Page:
Strategies, Challenges, and Answers

To What Extent Can An Insurance Company Rescind Coverage On A Nevada Auto Policy?

Regular readers of this blog may want to jump in and immediately answer that an insurance company cannot rescind auto coverage post-accident.  We learned that principle in the blog post HERE about Torres v. Nev. Direct Ins. Co., 131 Nev. 531, 353 P.3d 1203, 2015 Nev. LEXIS 61 (2015). That is because Nevada’s Financial Responsibility Law , NRS 485.3091 imposes compulsory coverage after the accident has happened.  In the Torres case, the court ruled that the breach of the insured’s duty to cooperate was not enough to allow the insurance company to escape responsibility under the policy.  

But can an insurance company step down the amount of coverage if the policy involved offers limits in excess of the $25,000 / $50,000 minimum required?  That question has yet to be answered in Nevada.  So let’s look at that question. 

NRS § 485.3091(6) seems to suggest that partial rescission might be possible.  The statute reads:

  1. Any policy which grants the coverage required for a motor vehicle liability policy may also grant any lawful coverage in excess of or in addition to the coverage specified for a motor vehicle liability policy, and the excess or additional coverage is not subject to the provisions of this chapter.

When faced with this question, courts in other states have allowed this type of partial rescission or step down.  Where there are breaches of the policy, courts have allowed insurance companies to disclaim coverage above minimum limits in spite of frozen coverage laws. Take for example the case of Harris v. Prudential Property & Casualty Ins. Co., 632 A.2d 1380, 1993 Del. LEXIS 439.  In that case, the Delaware Supreme Court found that Delaware’s Financial Responsibility Law required absolute coverage for the minimum limits of the law.  However, the Court said that for the amounts of coverage in excess of the minimum limits, the insurer would be allowed to prove that the insured breached his obligations under the policy and to preclude coverage for the excess limits.  Other cases that have allowed a reduction of limits are Prudential v. Estate of Rojo-Pacheco, 192 Ariz. 139, 962 P.2d 213, 1997 Ariz. App. LEXIS 236, 259 Ariz. Adv. Rep. 59 (Appeals Court approved trial court’s grant of declaratory relief that insurer could rescind its liability coverage in excess of the minimum amount required by the Motor Vehicle Safety Responsibility Act upon proof of legal fraud);  Behaney v. Travelers Ins. Co., 121 F.2d 838, 842 (The judgment of the trial court in favor of the plaintiff should have been limited to $5,000 exclusive of costs and interest since this is the limitation imposed by the state’s Financial Responsibility Act); Progressive N. Ins. Co. v. Corder, 15 S.W.3d 381, 384 (Although Corder must be allowed to recover damages under the Stinnett policy, she may recover only up to the minimum amount of liability coverage required by the MVRA.); Odum v. Nationwide Mut. Ins. Co., 101 N.C. App. 627, 401 S.E.2d 87, 1991 N.C. App. LEXIS 150 (any coverage in excess of the statutory minimum, the insurer is not precluded by statute or public policy from asserting the defense of fraud).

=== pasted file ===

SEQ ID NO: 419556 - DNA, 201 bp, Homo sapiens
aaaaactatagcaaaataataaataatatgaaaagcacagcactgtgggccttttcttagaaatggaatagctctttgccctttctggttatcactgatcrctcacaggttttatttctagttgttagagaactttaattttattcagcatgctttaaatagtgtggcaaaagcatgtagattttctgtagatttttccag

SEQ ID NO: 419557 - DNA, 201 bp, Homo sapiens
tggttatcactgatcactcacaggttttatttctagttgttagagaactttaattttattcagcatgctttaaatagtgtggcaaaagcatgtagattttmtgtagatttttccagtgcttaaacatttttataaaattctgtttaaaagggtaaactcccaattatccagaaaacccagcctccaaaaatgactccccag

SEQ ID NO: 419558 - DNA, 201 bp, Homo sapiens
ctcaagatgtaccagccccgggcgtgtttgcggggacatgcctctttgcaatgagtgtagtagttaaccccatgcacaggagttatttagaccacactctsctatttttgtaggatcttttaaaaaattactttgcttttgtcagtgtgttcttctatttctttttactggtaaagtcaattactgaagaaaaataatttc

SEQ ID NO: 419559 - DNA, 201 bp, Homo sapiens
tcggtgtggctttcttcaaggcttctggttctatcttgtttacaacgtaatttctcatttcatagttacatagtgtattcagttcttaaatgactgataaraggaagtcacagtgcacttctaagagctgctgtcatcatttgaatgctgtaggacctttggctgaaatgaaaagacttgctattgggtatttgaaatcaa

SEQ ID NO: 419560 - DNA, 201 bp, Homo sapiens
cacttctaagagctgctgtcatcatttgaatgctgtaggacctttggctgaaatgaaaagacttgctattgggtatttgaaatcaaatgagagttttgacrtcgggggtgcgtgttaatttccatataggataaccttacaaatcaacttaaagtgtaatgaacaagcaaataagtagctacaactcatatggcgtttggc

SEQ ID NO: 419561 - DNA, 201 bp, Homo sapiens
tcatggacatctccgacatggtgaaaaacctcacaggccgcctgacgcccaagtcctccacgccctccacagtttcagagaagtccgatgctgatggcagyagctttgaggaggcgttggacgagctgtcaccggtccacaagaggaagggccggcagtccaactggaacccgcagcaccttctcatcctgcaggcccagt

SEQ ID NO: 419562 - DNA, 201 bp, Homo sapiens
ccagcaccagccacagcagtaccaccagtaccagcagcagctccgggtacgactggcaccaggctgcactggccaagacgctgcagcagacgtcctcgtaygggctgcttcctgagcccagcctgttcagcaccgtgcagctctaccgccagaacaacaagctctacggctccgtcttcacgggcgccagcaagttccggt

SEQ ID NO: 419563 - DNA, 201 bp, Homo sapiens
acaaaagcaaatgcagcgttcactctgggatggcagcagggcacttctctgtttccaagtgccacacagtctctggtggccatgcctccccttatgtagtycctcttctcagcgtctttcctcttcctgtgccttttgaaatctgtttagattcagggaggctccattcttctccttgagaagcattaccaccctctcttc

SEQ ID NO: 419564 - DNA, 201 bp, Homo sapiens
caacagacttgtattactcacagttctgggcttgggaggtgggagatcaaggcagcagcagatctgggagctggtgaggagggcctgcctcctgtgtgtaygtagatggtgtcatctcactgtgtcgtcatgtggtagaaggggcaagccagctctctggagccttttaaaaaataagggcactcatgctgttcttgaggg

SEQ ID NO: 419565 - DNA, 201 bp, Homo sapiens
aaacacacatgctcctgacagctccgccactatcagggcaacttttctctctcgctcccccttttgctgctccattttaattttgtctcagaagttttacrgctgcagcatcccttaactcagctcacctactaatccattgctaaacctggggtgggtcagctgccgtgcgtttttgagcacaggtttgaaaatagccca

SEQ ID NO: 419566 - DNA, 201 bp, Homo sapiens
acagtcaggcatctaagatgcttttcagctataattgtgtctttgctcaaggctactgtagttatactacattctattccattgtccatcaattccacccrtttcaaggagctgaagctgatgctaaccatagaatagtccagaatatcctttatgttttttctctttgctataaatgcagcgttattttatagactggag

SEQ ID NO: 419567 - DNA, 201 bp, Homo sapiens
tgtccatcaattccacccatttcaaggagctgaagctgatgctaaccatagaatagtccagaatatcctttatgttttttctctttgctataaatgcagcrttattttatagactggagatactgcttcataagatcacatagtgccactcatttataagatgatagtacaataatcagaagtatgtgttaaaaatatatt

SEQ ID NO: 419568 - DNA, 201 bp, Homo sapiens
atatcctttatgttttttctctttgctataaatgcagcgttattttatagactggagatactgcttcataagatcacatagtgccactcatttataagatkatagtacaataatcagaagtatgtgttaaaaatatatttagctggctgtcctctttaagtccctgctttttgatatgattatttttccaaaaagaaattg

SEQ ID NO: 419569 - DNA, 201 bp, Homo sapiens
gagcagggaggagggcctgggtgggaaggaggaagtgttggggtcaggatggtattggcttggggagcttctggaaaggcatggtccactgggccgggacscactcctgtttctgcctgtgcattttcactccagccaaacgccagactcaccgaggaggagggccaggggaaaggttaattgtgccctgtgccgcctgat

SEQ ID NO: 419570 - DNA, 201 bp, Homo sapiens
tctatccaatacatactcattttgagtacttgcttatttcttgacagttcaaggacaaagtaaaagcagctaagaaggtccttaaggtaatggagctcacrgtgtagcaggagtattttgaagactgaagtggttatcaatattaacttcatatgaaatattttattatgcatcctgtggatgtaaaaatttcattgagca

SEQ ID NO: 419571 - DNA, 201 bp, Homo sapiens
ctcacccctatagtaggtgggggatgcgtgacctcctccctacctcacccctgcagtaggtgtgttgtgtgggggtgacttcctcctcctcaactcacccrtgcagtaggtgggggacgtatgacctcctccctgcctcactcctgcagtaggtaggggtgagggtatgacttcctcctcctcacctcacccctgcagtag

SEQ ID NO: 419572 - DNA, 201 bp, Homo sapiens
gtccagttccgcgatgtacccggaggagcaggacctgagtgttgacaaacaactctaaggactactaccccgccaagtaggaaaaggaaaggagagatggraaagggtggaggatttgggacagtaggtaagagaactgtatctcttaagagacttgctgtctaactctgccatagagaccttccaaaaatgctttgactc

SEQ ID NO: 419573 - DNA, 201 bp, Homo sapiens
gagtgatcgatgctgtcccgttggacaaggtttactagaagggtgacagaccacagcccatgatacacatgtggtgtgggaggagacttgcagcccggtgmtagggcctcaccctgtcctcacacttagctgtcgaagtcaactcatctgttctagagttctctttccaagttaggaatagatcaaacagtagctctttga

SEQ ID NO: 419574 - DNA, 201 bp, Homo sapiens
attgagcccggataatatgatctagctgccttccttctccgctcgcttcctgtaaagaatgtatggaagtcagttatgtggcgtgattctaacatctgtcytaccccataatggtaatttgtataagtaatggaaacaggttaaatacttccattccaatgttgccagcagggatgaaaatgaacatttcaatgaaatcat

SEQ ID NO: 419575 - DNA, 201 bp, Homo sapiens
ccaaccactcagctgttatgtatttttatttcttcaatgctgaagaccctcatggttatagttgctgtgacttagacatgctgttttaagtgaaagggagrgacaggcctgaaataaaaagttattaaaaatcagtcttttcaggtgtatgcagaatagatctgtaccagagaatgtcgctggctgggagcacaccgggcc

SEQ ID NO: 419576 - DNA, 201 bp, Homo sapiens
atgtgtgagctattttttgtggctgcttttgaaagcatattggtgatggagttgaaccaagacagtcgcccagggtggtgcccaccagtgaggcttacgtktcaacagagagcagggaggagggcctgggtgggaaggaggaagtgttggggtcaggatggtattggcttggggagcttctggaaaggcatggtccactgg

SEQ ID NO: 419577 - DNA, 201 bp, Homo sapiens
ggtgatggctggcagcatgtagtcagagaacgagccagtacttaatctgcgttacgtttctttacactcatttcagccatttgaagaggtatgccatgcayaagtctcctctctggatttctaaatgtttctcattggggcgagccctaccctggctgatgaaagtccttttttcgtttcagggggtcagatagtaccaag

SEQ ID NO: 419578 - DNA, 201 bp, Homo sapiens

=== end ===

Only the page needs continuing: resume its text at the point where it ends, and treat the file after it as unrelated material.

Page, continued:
Another argument favoring such a step down or partial rescission is that Nevada has used this step down tool in other instances.  

For example the cases of Estate of Neal v. Farmers Ins. Exch., 93 Nev. 348, 566 P.2d 81 (1977) allowed a reduction of coverage to minimum limits for a family member exclusion and Zobrist v. Farmers Ins. Exchange, 103 Nev. 104, 734 P.2d 699 (1987) allowed a reduction of coverage to minimum limits for an owned but uninsured exclusion.

If you have questions about Nevada Coverage or Insurance Law, please contact Mike Mills at 702.240.6060×114 or email him at